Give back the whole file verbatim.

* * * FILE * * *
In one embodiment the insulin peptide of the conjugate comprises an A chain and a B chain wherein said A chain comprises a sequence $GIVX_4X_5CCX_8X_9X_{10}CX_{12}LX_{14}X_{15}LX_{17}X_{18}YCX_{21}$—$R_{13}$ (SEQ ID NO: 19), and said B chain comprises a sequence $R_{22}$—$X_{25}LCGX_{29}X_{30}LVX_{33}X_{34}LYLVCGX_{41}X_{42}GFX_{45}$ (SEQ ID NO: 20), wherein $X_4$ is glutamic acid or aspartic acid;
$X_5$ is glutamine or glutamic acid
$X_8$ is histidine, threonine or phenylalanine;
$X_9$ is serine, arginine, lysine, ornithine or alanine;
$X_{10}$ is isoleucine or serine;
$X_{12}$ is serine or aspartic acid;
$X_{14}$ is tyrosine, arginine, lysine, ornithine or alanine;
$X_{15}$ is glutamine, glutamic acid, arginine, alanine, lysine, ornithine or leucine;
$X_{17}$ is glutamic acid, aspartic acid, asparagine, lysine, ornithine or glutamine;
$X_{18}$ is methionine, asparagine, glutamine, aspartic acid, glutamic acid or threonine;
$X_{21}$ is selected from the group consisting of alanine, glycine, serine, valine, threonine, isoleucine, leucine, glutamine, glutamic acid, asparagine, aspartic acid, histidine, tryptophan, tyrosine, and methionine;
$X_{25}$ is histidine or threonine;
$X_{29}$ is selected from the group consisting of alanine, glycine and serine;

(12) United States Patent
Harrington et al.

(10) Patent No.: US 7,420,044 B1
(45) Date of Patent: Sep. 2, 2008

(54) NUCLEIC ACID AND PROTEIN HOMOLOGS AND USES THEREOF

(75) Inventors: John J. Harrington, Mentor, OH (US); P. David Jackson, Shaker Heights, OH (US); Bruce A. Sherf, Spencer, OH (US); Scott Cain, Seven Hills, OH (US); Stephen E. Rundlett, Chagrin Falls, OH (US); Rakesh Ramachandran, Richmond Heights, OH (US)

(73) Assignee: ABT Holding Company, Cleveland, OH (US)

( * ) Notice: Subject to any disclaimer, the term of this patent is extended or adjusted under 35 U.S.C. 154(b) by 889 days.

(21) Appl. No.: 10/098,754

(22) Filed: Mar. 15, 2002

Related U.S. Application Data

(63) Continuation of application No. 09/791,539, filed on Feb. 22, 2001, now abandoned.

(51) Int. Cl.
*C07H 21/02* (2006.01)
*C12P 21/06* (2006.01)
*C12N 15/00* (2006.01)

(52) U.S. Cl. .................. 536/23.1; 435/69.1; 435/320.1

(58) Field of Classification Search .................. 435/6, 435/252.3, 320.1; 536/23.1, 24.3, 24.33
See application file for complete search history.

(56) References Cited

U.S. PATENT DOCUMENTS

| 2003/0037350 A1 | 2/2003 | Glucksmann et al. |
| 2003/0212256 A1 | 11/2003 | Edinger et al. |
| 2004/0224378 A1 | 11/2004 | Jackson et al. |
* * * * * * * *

In one embodiment the insulin peptide of the conjugate comprises an A chain and a B chain wherein said A chain comprises a sequence $GIVX_4X_5CCX_8X_9X_{10}CX_{12}LX_{14}X_{15}LX_{17}X_{18}YCX_{21}$—$R_{13}$ (SEQ ID NO: 19), and said B chain comprises a sequence $R_{22}$—$X_{25}LCGX_{29}X_{30}LVX_{33}X_{34}LYLVCGX_{41}X_{42}GFX_{45}$ (SEQ ID NO: 20), wherein $X_4$ is glutamic acid or aspartic acid;
$X_5$ is glutamine or glutamic acid
$X_8$ is histidine, threonine or phenylalanine;
$X_9$ is serine, arginine, lysine, ornithine or alanine;
$X_{10}$ is isoleucine or serine;
$X_{12}$ is serine or aspartic acid;
$X_{14}$ is tyrosine, arginine, lysine, ornithine or alanine;
$X_{15}$ is glutamine, glutamic acid, arginine, alanine, lysine, ornithine or leucine;
$X_{17}$ is glutamic acid, aspartic acid, asparagine, lysine, ornithine or glutamine;
$X_{18}$ is methionine, asparagine, glutamine, aspartic acid, glutamic acid or threonine;
$X_{21}$ is selected from the group consisting of alanine, glycine, serine, valine, threonine, isoleucine, leucine, glutamine, glutamic acid, asparagine, aspartic acid, histidine, tryptophan, tyrosine, and methionine;
$X_{25}$ is histidine or threonine;
$X_{29}$ is selected from the group consisting of alanine, glycine and serine;

(12) United States Patent
Harrington et al.

(10) Patent No.: US 7,420,044 B1
(45) Date of Patent: Sep. 2, 2008

(54) NUCLEIC ACID AND PROTEIN HOMOLOGS AND USES THEREOF

(75) Inventors: John J. Harrington, Mentor, OH (US); P. David Jackson, Shaker Heights, OH (US); Bruce A. Sherf, Spencer, OH (US); Scott Cain, Seven Hills, OH (US); Stephen E. Rundlett, Chagrin Falls, OH (US); Rakesh Ramachandran, Richmond Heights, OH (US)

(73) Assignee: ABT Holding Company, Cleveland, OH (US)

( * ) Notice: Subject to any disclaimer, the term of this patent is extended or adjusted under 35 U.S.C. 154(b) by 889 days.

(21) Appl. No.: 10/098,754

(22) Filed: Mar. 15, 2002

Related U.S. Application Data

(63) Continuation of application No. 09/791,539, filed on Feb. 22, 2001, now abandoned.

(51) Int. Cl.
*C07H 21/02* (2006.01)
*C12P 21/06* (2006.01)
*C12N 15/00* (2006.01)

(52) U.S. Cl. .................. 536/23.1; 435/69.1; 435/320.1

(58) Field of Classification Search .................. 435/6, 435/252.3, 320.1; 536/23.1, 24.3, 24.33
See application file for complete search history.

(56) References Cited

U.S. PATENT DOCUMENTS

| 2003/0037350 A1 | 2/2003 | Glucksmann et al. |
| 2003/0212256 A1 | 11/2003 | Edinger et al. |
| 2004/0224378 A1 | 11/2004 | Jackson et al. |